Post-harvest handling practices and associated food losses and limitations in the sweetpotato value chain of southern Ethiopia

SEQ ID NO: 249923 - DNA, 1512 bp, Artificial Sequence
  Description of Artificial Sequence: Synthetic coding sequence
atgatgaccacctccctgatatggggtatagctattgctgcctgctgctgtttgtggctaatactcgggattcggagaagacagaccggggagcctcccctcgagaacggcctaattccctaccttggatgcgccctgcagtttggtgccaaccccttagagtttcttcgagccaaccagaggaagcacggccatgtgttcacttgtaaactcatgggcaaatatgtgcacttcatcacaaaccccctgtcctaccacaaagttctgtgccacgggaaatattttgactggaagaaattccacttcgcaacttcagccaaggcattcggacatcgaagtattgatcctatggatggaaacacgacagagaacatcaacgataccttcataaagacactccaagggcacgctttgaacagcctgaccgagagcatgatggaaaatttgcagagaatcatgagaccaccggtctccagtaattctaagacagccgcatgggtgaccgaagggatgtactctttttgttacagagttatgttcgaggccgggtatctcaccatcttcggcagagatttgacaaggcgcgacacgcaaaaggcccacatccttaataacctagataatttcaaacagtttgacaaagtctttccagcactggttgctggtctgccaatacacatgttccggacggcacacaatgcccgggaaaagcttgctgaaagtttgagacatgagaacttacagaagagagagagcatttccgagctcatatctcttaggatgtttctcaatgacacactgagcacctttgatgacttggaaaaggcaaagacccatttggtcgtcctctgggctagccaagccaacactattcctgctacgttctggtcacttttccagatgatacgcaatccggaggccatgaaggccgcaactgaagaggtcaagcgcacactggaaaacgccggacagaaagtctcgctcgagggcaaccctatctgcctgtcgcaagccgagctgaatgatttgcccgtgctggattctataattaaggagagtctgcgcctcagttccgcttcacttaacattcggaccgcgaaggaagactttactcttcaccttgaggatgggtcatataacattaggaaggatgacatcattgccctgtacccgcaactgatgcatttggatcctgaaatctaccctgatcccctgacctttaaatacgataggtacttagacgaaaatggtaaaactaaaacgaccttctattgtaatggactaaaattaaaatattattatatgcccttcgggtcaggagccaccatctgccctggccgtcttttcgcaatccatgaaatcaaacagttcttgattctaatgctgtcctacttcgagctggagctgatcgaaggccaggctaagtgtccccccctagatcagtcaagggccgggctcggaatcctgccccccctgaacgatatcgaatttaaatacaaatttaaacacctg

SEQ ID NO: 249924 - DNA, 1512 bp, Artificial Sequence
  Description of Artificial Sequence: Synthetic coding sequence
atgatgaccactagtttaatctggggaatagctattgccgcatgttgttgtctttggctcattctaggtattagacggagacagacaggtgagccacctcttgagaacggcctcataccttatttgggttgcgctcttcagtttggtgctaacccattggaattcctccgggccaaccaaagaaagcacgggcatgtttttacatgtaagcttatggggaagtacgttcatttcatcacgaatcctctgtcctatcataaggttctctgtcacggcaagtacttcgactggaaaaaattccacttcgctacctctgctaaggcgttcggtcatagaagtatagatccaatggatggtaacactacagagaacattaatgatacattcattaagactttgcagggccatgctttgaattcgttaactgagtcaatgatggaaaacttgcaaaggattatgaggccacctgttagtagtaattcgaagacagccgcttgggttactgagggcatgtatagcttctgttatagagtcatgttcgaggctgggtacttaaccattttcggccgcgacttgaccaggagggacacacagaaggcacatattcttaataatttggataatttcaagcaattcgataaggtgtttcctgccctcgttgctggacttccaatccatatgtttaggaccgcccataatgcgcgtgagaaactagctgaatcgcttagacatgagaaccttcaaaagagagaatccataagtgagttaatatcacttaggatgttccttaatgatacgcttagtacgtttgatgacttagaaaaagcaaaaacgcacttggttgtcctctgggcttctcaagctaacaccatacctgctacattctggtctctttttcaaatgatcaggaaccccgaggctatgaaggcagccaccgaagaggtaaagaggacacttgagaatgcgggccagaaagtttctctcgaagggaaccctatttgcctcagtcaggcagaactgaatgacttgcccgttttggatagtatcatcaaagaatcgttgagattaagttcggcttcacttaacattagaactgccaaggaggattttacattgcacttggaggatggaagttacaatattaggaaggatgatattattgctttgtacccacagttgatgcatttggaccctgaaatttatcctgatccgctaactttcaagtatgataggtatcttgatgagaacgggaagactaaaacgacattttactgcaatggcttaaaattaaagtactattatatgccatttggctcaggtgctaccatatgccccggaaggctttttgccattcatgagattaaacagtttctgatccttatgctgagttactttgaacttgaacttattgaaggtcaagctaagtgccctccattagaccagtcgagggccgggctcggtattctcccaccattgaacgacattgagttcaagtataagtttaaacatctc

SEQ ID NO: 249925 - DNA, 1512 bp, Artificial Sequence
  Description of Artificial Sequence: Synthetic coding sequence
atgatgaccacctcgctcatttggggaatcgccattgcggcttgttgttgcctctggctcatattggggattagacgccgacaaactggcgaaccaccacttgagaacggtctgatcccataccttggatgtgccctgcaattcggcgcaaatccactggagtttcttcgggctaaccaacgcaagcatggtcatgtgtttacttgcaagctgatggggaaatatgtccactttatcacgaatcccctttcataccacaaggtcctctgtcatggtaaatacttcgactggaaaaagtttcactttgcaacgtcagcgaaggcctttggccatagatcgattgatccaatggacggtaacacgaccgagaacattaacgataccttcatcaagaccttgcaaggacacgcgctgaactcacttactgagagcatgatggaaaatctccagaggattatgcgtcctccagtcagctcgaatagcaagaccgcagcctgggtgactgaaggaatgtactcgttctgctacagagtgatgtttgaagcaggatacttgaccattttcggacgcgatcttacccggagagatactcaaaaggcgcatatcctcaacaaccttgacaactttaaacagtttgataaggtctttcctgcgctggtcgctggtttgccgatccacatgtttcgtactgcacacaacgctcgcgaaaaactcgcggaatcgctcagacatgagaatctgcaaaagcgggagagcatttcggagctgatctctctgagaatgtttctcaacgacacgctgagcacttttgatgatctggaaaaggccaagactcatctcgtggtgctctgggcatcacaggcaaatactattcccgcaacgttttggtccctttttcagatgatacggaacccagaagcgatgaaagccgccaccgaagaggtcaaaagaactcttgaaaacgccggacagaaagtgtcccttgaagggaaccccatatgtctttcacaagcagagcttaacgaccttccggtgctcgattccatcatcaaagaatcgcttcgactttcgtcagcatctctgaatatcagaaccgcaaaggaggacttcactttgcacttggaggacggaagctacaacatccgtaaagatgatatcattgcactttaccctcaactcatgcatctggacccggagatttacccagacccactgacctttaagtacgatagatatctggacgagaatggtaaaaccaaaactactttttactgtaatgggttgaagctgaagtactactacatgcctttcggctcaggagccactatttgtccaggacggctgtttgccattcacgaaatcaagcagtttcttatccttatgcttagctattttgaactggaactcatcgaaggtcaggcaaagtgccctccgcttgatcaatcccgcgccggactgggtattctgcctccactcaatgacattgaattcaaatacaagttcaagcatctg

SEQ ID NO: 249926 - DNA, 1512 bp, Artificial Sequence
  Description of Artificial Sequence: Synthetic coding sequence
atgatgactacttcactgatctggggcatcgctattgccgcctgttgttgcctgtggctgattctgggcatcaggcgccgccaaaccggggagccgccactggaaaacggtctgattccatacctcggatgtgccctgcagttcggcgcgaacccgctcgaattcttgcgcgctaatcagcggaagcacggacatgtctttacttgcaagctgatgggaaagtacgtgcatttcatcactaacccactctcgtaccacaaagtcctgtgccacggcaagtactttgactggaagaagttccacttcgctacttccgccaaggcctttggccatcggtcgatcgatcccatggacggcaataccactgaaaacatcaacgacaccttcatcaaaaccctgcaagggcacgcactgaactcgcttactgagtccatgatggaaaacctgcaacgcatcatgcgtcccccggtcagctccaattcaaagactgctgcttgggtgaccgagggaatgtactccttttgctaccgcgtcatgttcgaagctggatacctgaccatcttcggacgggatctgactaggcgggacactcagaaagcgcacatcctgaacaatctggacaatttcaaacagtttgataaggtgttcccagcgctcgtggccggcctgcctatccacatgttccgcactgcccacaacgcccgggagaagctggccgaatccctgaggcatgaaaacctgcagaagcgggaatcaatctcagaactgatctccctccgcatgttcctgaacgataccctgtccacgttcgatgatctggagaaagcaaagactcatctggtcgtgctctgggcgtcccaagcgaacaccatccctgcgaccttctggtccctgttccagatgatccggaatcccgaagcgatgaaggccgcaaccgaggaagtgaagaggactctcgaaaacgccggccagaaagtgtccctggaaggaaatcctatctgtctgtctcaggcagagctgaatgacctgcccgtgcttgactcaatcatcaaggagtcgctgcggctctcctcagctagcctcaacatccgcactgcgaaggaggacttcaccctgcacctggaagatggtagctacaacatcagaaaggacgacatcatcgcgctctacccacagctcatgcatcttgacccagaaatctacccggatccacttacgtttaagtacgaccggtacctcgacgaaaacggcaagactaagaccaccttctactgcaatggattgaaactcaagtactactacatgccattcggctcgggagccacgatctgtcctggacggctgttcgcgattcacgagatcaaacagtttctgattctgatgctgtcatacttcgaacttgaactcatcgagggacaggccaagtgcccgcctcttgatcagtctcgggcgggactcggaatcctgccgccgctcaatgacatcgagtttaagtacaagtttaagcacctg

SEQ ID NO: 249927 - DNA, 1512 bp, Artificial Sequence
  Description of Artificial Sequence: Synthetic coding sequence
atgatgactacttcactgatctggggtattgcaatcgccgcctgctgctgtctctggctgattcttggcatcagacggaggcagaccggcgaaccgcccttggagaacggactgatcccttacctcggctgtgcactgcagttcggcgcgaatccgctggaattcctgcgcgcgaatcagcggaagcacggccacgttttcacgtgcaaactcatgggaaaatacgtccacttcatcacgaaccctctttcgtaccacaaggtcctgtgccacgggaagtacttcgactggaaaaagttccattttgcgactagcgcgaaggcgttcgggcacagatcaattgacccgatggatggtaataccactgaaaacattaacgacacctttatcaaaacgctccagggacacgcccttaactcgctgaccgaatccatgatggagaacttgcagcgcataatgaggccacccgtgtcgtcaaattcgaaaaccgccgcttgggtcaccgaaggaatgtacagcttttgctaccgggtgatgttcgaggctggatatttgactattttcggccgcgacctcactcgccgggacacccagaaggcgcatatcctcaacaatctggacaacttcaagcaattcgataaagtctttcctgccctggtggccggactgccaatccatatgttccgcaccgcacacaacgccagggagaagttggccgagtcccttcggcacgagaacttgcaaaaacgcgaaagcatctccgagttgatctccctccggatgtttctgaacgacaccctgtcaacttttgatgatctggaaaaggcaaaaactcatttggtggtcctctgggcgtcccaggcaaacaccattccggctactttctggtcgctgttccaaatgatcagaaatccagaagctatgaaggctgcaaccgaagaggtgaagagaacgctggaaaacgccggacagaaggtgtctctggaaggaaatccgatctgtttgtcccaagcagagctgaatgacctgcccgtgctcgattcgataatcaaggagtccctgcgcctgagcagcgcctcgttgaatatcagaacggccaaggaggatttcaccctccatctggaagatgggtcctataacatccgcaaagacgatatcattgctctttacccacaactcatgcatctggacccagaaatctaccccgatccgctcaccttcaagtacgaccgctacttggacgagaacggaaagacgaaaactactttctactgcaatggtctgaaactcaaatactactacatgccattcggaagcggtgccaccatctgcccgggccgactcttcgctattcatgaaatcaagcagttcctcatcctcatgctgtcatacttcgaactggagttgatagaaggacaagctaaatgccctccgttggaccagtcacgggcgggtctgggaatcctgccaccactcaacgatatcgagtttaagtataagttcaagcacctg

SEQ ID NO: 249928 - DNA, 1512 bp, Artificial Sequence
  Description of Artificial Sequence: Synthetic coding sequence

This article in NJAS (the Journal of the Royal Netherlands Society for Agricultural Sciences) states that establishing links between value chain constraints and food losses is essential to developing effective alleviation strategies. This study focuses on the post-harvest handling practices associated with food losses in the sweetpotato value chain of southern Ethiopia. Household food insecurity is a chronic problem in Ethiopia; the situation is being exacerbated by high population growth rates and recurring droughts in the country. The interest to address post-harvest value chain (VC) constraints leading to food losses has increased significantly to provide adequate nutrition to the growing population. In this study, mapping of sweetpotato VC not only quantifies the degree of losses but establish links between distinct VC constraints and respective food losses and limitations. Harvest and handling at farm level and shelf life issues at distribution were identified as vulnerable hot-spots of the sweetpotato food losses. Apart from physical and biological factors, demand and supply mismatch during the main harvest season at the wet markets leads to food (up to 25%) and economic losses (33–75%) followed by deficiencies in the lean season. A multi-stakeholder cooperation is required to mitigate food losses, which can have a high impact on the nutritional and financial status of the producers, market operators, and the consumers.